Steve Baker is Conservative MP for Wycombe following his election in May 2010. He is a director and co-founder of The Cobden Centre, an educational charity for social progress through honest money, free trade and peace. He is Chairman of the All-Party Parliamentary Group on Economics, Money and Banking.
Previously, Steve served in the Royal Air Force as a fast-jet engineer officer before reading for an MSc in Computer Science and becoming a consulting software engineer. Steve has worked with banks and their regulators in the UK, USA and Europe. His last contract was as Chief Architect of two global programmes at Lehman Brothers in the months and years leading up to its failure.
He says it wasn’t his fault.
We have here two parts of a podcast interview we’ve recorded over the past week, if you’d like to listen, just click play!
We reported earlier on about Steve Baker and Douglas Carswell’s private member’s bill to reform money and banking and prevent banks from creating money. Since then, Steve has been busy.
Today, he claimed that EU-mandated International Financial Reporting Standards (IFRS) are forcing UK and Irish banks to deceive themselves and all their stakeholders about their true financial positions.
Joining a growing body of opinion amongst accountants, investors and Parliamentarians, Baker says that auditing banks under IFRS means that their true solvency is not accounted for and that banks which look profitable under IFRS may in fact be unprofitable and destroying their capital.
Commenting on his Financial Services (Regulation of Derivatives) Bill, which would require financial institutions to prepare prudent parallel accounts in line with UK company law, Baker said,
“When I introduced my Bill on 15 March, I explained how the accounting rules for banks incentivise trading in derivatives by enabling unrealised profits to be booked up-front, leading to large but unjustified bonuses and dividends.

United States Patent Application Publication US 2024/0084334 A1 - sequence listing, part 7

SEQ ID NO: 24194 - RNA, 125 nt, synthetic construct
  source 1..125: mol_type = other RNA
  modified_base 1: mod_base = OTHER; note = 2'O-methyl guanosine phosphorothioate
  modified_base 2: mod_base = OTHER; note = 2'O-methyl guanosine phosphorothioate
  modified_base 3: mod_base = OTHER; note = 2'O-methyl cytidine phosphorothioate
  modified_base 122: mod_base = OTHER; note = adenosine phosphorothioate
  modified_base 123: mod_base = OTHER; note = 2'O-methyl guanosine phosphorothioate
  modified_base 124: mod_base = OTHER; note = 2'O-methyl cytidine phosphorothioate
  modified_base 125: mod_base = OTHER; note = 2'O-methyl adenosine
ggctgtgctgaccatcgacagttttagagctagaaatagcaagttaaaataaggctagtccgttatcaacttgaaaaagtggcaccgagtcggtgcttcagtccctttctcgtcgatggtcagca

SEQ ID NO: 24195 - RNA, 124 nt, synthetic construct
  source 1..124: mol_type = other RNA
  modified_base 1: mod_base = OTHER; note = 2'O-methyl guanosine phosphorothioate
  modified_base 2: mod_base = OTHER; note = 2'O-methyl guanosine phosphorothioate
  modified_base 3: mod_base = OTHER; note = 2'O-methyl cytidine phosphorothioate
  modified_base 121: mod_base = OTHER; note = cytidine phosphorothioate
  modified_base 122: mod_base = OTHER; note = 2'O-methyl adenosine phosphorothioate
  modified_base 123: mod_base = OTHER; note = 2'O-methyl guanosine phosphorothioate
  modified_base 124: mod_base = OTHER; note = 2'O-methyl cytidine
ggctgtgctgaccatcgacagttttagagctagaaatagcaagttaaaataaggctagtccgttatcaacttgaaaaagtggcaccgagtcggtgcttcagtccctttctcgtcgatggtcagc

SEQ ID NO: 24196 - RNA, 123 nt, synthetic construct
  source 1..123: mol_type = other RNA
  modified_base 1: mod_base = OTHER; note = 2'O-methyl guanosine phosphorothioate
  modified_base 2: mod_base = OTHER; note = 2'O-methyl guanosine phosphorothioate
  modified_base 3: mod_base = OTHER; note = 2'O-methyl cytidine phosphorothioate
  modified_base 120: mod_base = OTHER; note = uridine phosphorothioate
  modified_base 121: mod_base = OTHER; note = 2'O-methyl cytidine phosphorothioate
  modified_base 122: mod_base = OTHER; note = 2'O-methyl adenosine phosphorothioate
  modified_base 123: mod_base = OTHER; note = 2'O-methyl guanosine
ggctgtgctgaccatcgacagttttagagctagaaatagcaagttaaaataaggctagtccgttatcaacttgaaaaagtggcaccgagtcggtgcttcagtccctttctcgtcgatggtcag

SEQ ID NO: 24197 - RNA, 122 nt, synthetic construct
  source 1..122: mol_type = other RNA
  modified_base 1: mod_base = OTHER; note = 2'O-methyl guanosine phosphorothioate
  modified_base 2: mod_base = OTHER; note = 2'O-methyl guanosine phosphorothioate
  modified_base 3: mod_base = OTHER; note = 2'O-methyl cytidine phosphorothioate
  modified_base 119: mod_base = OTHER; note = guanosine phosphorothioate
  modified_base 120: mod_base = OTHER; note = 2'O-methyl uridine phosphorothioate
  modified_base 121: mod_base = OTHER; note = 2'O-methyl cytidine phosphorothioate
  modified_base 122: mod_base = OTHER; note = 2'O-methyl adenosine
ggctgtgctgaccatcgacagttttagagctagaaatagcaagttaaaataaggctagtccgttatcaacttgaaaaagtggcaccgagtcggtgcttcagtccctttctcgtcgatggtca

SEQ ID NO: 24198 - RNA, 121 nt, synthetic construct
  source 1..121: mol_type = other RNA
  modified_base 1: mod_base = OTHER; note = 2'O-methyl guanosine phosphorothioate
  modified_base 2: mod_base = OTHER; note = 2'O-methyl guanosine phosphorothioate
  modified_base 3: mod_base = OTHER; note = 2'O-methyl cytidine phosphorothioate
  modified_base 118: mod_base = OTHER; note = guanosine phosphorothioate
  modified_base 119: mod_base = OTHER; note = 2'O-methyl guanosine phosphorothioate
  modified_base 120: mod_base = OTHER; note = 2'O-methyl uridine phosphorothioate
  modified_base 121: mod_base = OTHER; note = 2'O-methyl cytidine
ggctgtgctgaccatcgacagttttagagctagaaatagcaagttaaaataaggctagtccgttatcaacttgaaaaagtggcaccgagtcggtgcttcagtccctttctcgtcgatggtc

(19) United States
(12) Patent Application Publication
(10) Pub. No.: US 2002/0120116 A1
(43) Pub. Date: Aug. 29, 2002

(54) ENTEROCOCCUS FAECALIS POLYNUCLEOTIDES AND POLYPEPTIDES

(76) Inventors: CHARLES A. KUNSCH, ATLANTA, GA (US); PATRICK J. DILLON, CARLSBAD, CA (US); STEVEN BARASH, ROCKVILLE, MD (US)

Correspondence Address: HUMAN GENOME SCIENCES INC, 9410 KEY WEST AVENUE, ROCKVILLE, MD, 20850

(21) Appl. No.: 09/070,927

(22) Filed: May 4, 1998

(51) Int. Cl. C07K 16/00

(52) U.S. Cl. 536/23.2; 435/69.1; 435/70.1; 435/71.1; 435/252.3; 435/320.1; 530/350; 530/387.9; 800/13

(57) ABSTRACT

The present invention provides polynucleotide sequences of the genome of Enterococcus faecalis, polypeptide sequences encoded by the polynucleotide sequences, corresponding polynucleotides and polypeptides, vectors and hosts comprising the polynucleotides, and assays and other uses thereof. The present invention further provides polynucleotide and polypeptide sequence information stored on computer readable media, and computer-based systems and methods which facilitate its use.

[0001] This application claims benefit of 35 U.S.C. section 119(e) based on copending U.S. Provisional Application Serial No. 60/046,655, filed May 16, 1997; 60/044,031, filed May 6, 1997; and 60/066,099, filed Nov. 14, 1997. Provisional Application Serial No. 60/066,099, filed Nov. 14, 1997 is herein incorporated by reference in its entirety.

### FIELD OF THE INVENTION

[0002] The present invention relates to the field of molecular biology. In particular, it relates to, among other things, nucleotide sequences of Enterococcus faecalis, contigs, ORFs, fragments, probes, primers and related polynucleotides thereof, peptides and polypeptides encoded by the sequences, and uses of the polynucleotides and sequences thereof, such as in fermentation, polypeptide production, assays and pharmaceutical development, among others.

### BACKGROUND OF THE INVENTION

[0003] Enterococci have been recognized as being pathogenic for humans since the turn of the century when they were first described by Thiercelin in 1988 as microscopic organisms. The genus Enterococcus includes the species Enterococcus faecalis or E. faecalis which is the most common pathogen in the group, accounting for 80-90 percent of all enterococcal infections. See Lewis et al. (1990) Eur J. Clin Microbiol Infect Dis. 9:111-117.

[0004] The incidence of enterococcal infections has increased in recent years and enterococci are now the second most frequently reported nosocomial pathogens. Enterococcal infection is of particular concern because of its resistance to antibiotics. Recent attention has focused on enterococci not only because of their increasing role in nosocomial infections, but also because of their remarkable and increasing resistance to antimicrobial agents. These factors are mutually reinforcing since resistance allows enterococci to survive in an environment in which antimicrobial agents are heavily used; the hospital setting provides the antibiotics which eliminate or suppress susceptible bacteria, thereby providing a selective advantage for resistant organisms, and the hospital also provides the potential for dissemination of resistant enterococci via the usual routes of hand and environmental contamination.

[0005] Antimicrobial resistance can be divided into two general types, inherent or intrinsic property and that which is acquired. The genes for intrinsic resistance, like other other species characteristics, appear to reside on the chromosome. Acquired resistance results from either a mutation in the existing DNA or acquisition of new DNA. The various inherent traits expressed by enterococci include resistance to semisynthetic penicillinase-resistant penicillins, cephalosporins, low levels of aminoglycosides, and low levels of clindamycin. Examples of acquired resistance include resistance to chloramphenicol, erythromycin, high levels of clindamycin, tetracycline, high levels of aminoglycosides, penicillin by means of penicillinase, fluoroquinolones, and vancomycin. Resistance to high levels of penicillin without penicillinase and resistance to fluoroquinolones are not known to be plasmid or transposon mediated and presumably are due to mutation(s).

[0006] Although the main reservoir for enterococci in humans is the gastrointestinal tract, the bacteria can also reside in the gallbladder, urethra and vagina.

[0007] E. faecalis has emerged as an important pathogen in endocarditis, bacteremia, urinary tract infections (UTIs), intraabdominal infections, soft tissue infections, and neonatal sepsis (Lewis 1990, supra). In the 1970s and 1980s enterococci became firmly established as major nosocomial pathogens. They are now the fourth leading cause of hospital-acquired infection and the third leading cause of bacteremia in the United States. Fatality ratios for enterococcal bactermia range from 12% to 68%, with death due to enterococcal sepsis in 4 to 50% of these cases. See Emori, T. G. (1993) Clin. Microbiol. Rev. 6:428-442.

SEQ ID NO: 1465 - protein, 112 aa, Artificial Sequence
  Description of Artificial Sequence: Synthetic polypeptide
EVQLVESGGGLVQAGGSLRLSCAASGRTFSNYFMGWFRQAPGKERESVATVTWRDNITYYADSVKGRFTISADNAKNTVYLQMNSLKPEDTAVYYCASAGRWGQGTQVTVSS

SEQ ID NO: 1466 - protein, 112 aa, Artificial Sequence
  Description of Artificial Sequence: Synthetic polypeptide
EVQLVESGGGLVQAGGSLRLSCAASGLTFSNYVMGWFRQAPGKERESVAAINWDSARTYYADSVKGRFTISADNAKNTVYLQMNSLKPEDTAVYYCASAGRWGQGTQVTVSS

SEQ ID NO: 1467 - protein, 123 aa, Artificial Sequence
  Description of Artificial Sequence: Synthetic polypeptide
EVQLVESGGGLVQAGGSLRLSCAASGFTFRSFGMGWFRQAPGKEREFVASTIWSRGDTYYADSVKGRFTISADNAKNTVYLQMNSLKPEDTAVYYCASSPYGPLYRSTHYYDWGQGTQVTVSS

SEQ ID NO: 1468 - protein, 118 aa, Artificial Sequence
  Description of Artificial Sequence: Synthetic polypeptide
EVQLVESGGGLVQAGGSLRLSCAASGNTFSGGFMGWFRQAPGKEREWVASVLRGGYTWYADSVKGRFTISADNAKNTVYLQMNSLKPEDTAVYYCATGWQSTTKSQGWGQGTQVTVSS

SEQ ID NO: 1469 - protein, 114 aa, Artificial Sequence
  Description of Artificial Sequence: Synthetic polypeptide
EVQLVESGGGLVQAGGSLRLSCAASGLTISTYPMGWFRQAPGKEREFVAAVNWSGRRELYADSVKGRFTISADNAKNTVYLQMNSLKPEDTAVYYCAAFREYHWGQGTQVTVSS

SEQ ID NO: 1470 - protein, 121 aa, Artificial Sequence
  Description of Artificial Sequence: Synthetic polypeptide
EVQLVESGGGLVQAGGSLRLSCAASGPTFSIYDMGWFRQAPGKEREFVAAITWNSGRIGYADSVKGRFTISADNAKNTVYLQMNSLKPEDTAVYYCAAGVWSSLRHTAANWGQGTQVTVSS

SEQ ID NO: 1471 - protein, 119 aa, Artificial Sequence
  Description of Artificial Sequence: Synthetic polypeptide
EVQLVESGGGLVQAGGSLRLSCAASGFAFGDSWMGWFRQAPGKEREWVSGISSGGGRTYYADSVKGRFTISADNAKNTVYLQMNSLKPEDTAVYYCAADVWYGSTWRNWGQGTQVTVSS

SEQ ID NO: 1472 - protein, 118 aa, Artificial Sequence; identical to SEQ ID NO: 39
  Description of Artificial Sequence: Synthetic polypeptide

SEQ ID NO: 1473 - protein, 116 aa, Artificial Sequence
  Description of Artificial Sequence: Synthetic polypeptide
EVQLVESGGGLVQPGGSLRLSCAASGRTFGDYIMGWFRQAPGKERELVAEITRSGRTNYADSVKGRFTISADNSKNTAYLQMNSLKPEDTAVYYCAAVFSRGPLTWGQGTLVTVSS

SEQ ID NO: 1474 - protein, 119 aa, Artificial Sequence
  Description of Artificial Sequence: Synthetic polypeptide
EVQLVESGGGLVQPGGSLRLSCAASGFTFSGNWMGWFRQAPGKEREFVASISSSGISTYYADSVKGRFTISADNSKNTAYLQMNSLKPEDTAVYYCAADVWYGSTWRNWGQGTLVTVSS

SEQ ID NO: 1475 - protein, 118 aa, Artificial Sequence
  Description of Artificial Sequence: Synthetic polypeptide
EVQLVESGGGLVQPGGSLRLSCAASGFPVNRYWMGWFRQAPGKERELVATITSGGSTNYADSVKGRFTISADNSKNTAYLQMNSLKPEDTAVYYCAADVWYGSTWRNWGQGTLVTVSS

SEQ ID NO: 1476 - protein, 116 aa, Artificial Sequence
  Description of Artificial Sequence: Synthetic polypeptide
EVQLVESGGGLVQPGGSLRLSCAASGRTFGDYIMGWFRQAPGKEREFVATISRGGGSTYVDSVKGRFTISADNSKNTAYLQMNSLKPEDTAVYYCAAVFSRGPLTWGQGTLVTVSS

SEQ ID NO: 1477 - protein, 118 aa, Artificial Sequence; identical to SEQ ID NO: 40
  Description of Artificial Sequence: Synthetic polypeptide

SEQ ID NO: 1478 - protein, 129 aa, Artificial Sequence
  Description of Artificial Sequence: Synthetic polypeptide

“On 30th March, the House of Lords Economic Affairs Committee published a report recommending that the Government reassert prudence as a guiding principle. That is what my Bill does and I hope the Government will adopt it.
“While complying with the rules, banks are producing accounts that grossly inflate their profits and capital in three ways. First, using IFRS mark-to-market and mark-to-model accounting, banks record unrealised gains in investments as profits. Second, IFRS prevents banks from making prudent provision for expected loan losses by allowing recognition only of incurred losses. Third, IFRS encourages banks not to deduct staff compensation from profits. Taken together, these flaws mean that banks’ accounts under IFRS are at once rule-compliant and dangerously misleading.
“By way of example, we have deduced from the accounts of the UK Asset Protection Scheme that RBS may be overstating capital by as much as £25bn.
“Boards take decisions based on their accounts. If the accounts are misleading, is it any wonder that boards and regulators are failing shareholders and taxpayers? The public are furious about the injustices manufactured by the banking system, and they are right to be, but how much greater is the injustice if grotesque bonuses are based on false profits?
“Banks are living in a fools’ paradise in which their boards cannot get a firm grip on vital measures like capital and profit. That is plain wrong.
“Thanks to the European Union, the UK cannot simply mandate prudent accounting in compliance with UK Companies Law but we can require parallel accounting to British standards while international negotiations proceed. That is why I am calling on the Government to adopt my Bill.”
The Financial Services (Regulation of Derivatives) Bill is scheduled for second reading with other private members’ bills on 10 June 2011.